Cork, foam, cedar, the closer to the actual density of a duck, the more realistic it will ride in the water. Plastics "bob" because they are so light. It is a trade off for weight to realistic floatation. If there isn't any wave action, the birds won't notice a plastic bobbing in the water. If you have a 2 pound duck, another object of the same proportions and weight will float similiar in the water, hence the heavier decoys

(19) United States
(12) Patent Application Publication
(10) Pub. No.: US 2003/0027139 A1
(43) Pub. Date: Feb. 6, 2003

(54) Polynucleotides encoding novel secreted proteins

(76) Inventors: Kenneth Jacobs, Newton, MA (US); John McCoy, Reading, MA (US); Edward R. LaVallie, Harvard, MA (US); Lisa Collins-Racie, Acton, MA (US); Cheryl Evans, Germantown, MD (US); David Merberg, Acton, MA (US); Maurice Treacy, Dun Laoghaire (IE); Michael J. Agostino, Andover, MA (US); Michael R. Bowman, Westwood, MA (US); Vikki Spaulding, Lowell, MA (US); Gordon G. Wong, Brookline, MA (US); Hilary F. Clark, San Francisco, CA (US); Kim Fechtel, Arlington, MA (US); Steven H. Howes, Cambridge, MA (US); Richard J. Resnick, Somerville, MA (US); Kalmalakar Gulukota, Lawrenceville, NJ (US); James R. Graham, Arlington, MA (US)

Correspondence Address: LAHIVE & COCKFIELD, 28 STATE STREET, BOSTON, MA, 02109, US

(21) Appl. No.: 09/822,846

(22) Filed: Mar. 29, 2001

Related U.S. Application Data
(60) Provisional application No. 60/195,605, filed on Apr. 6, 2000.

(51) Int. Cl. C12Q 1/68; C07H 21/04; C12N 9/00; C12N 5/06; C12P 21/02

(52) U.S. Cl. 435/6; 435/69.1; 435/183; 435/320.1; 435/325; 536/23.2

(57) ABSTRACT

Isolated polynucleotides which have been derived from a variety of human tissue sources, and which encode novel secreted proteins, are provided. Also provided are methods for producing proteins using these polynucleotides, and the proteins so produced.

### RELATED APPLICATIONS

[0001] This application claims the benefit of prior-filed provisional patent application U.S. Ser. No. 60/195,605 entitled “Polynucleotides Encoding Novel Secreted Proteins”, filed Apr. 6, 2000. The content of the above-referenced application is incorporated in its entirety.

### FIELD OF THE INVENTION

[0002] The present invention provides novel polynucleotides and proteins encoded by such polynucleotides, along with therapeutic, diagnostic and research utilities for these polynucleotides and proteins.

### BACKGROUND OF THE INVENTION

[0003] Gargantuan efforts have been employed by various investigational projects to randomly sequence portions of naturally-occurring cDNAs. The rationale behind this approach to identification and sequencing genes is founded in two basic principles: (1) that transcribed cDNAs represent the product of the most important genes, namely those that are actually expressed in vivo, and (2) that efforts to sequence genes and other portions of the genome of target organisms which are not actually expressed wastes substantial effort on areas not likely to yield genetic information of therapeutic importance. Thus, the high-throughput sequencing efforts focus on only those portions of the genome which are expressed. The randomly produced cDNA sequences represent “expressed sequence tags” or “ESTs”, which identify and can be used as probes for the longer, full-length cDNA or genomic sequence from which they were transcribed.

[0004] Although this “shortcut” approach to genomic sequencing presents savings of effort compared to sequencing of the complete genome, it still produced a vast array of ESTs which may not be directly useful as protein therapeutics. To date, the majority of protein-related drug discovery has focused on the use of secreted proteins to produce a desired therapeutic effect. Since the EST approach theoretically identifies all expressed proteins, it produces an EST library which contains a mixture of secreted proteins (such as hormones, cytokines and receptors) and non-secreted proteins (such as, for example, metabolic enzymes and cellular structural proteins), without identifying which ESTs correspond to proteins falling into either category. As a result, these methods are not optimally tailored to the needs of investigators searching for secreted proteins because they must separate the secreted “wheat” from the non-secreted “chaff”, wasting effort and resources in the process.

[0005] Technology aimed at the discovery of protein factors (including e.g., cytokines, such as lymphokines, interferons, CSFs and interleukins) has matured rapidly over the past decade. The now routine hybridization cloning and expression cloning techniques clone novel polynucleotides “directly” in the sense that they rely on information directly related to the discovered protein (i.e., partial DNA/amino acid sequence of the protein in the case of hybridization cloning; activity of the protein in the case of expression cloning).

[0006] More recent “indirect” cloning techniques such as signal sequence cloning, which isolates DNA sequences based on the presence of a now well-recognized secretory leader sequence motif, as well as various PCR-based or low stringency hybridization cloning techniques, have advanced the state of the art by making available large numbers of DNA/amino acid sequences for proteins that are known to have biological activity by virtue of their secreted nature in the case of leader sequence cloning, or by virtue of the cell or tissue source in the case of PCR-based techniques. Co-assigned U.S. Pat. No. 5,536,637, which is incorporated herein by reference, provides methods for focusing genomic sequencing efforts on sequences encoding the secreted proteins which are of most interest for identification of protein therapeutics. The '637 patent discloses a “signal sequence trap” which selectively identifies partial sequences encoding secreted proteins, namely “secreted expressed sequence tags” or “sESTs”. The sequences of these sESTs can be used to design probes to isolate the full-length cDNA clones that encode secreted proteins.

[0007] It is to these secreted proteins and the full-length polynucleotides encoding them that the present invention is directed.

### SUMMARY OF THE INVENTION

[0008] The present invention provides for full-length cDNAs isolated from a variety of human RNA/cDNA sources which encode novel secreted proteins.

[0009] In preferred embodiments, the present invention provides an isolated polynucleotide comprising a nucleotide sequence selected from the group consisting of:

Cedar blocks are used for diver rigs because they are inexpensive and can be mass produced. Their color patterns could be painted by any one and ducks will flock into them. On the same turn they have the approximate density of a real duck. If you have nice looking painted birds, put them on the outside of the rig. Everyone has experiences with anything working as a decoy, from plastic bleach bottles to a hand carved award winning decoys. For diver hunting it is numbers, some color, set-up of the decoys, conceilment of the boat, and most importantly conceilment of the hunter and their face(s).
From personnal experience, I'm a believer in how a decoy rides vs. a nice factory paint job.